Marilyn Anne Ray Theory of Bureaucratic Caring Summary

Marilyn Anne Ray Theory of Bureaucratic Caring Summary

  • Born in Hamilton, Ontario, Canada.
  • Graduated from St. Joseph Hospital School of Nursing in 1958.
  • Worked at the University of California as well as in Los Angeles Medical Center where she was assigned in obstetrics and gynecology, emergency department and cardiac and critical care.
  • Studied BSN and MSN in maternal-child nursing at University of Colorado School of Nursing in 1965.
  • Was influenced by Dr. Madeleine Leininger whom she met at University of Colorado.
  • Graduated as a flight nurse from the School of Aerospace Medicine and worked as an aero-medical evacuation nurse in 1960s and served in the US Air Force for 30 years in different positions and eventually promoted as a colonel.
  • Received several commendation medals for nursing education and research during her service in the Air Force.
  • Had her first faculty positions at University of California San Francisco and the University of San Francisco.
  • Completed her Master of Arts in Cultural Anthropology in McMaster University in Ontario where she also joined the nursing academe.
  • Attended the first transcultural nursing doctoral program at University of Utah as she was invited by Dr. Leininger; her dissertation for her doctoral studies was where the Theory of Bureaucratic Caring emerged.
  • Was appointed as the Christinne E. Lynn Eminent Scholar at Florida Atlantic University in 1989 to 1994.
  • Received the Distinguished Alumna Award from University of Utah College of Nursing in 2007(Alligood, 2014).

Theory of Bureaucratic Caring

The theory was generated from qualitative research involving health professionals and patients in the hospital setting. The theory implies that there is a dialectical relationship (thesis, antithesis, synthesis) between the human (person & nurse) dimension of spiritual-ethical caring and the structural (nursing, environment) dimensions of the bureaucracy or organizational culture (technological, economic, political, legal and social).  
The Model is holographic, illuminating the holistic nature of caring & synthesis of the humanistic systems and technological, economic, political, and legal systems.

Major Concepts:

  • Caring
  • Spiritual-Ethical Caring
  • Educational
  • Physical
  • Socio-cultural
  • Legal
  • Technological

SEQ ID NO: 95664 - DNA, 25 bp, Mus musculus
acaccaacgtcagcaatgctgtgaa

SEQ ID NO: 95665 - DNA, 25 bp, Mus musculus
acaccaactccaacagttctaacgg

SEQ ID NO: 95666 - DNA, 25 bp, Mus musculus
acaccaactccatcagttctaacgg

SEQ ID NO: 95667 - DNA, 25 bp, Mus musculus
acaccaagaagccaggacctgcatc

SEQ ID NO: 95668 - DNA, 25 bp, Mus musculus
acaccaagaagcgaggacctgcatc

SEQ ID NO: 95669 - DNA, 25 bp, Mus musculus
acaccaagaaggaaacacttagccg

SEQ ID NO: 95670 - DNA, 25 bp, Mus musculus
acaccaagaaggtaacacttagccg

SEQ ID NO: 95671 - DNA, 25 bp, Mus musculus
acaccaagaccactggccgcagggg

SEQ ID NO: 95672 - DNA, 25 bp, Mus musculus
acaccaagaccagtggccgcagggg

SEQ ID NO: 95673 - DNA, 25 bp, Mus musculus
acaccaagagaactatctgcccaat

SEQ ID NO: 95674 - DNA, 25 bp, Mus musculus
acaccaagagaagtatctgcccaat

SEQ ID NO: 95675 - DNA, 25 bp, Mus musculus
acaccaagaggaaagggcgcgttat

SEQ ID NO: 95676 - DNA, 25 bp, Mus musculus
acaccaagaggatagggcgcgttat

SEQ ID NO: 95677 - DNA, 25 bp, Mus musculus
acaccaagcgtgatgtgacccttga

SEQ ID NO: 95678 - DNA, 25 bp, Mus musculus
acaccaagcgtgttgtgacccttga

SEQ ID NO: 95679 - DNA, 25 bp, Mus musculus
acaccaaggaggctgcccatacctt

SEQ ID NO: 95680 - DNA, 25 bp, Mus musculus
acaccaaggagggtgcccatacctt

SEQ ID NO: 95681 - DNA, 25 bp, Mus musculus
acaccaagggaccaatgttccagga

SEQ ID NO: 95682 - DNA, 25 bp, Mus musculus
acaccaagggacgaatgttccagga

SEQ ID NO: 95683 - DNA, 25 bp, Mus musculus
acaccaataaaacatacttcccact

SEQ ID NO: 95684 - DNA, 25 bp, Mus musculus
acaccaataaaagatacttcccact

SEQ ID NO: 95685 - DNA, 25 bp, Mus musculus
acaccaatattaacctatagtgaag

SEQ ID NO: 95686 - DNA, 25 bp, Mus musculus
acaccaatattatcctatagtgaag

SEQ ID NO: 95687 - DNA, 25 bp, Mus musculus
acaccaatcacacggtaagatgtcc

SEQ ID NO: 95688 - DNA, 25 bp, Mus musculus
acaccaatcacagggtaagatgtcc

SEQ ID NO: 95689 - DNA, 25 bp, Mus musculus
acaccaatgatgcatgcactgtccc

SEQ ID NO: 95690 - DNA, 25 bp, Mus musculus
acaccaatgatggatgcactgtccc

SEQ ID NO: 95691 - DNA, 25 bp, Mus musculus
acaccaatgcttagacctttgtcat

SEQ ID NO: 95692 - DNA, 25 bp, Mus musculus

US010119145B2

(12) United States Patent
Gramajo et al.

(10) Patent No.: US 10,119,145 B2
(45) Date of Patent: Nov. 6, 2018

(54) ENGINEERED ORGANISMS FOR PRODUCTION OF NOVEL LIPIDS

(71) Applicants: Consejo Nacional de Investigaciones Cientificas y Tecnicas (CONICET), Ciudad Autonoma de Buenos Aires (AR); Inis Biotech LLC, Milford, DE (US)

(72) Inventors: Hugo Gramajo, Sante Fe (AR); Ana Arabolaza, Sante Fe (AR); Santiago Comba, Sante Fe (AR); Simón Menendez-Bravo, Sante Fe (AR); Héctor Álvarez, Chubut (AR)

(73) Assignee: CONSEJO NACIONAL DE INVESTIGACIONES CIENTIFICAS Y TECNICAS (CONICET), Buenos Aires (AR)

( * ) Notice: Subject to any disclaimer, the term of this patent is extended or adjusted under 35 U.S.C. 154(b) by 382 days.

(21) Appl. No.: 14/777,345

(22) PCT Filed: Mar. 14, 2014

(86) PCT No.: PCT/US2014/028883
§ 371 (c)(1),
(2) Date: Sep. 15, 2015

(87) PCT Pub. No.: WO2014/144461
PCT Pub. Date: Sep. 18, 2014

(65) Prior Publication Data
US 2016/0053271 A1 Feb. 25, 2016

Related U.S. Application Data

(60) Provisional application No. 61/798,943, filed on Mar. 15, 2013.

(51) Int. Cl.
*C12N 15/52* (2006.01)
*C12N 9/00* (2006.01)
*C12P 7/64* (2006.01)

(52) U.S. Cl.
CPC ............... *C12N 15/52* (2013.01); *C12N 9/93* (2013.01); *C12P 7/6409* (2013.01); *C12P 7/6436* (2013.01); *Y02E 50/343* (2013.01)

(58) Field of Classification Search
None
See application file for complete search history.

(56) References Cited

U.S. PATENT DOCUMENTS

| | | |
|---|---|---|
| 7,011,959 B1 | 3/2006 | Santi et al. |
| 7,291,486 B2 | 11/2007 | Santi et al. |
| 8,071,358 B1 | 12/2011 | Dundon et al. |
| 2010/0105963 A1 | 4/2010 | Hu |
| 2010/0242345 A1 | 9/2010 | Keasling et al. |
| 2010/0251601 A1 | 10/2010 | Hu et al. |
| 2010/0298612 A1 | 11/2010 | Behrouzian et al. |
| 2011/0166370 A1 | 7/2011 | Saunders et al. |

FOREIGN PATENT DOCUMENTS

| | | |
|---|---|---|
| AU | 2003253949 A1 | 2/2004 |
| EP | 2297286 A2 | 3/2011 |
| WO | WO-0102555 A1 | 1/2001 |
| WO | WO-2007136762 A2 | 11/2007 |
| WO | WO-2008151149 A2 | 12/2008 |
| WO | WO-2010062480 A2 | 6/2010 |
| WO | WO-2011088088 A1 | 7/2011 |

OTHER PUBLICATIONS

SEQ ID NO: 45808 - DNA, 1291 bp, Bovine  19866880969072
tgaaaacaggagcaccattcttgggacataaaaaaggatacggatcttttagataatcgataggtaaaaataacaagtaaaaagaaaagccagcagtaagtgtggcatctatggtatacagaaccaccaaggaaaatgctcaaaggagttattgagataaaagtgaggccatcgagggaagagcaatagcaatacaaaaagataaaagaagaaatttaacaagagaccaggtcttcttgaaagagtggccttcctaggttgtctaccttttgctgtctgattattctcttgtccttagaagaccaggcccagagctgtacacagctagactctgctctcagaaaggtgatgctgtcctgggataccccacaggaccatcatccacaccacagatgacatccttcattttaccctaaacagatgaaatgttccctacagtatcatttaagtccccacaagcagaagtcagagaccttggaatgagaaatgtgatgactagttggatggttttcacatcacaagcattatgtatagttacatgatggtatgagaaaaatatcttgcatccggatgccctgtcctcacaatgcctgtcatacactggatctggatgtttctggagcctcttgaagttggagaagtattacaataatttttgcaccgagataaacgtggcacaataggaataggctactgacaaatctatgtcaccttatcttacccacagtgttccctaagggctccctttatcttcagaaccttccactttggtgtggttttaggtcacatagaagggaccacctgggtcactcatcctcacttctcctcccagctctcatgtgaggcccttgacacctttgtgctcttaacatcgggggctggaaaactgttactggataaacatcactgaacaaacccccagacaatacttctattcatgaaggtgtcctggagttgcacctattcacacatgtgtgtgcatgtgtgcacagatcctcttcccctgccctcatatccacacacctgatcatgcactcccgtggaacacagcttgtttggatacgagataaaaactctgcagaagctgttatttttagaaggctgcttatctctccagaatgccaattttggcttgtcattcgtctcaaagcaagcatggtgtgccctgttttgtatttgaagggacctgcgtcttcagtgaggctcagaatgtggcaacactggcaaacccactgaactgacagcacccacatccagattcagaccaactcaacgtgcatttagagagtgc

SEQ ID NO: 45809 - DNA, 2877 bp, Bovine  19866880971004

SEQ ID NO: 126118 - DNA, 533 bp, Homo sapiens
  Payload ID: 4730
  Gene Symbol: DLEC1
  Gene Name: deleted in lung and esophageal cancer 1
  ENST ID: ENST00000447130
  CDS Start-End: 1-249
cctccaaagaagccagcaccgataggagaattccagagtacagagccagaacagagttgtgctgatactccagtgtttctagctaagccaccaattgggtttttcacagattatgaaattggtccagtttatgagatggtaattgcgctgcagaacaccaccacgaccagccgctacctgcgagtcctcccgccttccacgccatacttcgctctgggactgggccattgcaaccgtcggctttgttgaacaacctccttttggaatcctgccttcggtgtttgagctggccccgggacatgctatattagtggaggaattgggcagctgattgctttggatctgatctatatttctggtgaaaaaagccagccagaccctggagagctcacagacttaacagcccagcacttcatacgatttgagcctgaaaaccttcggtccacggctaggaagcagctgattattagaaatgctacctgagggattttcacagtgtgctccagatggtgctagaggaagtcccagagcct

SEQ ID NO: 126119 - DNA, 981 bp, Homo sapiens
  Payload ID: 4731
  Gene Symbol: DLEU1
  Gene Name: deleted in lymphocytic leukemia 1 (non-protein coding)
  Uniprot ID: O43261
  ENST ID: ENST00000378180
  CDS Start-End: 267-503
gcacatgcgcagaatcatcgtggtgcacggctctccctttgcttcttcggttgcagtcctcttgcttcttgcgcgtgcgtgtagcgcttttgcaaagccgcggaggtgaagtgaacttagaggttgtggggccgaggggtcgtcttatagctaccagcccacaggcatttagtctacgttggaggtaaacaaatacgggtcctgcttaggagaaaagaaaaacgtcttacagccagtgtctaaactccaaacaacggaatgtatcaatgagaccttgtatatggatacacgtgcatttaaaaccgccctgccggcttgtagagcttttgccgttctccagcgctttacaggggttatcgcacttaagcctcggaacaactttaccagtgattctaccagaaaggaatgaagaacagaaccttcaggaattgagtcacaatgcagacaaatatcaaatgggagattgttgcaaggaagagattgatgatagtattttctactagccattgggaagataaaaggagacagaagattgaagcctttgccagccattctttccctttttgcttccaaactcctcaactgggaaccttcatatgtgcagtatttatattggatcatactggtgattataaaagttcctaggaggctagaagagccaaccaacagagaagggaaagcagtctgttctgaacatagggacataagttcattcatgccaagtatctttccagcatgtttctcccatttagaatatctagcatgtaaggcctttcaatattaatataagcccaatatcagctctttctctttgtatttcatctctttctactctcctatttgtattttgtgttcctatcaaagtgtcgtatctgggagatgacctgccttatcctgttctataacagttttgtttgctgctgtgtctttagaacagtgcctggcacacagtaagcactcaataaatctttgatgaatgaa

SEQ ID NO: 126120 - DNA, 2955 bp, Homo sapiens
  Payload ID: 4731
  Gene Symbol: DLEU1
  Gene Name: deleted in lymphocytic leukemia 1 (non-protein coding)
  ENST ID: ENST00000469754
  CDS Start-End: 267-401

• Economic
  • Political 

Major Assumptions

  • Nursing/Caring
  • Person/Cultural Being
  • Health
  • Environment/Culture of Organization 

Caring – Is defined as a complex, transcultural, relational process, grounded in an ethical, spiritual context. Caring is inevitable within a culture or society, such as, personal culture, hospital organizational culture, and society culture.

Spiritual-ethical caring – This pertains a holistic integration of the body, mind and spirit. Spiritual-ethical caring for nursing focuses on the facilitation of alternatives for the good of others can or should be attained.

Education – Education both formal and informal programs make use of audiovisual media to disseminate information, and also other forms of teaching and relaying information are factors related to defining care.

Physical – This factor is related to the physical state of being, which includes, biological and psychological patterns. The reason is that, both the human mind and body are interrelated, showing a pattern that influences the other.

Socio-cultural – Social and cultural aspects are factors related to ethnicity and structures of the family; intimacy with friends and family; communication; interaction and support with a social group, community and society.

Legal – Definition of caring in terms of legal factors are responsibility and accountability; rules and principles as guidance of one’s behavior, such as policies and procedures; informed consent; rights to privacy; malpractice and liability issues; client, family, and professional rights; and the practice of defensive medicine and nursing.

Technological – Factors relating to technology such as non-human resources, like the use of machines to sustain physiological well-being of the patient, diagnostic investigations, pharmaceutical agents, and also the knowledge and skills required to operate the resources.

Economic – Related factors of the definition of caring include money, budget, insurance systems, limitations, and guidelines imposed by managed care. Caring as an interpersonal resource should be considered like goods, money, and services.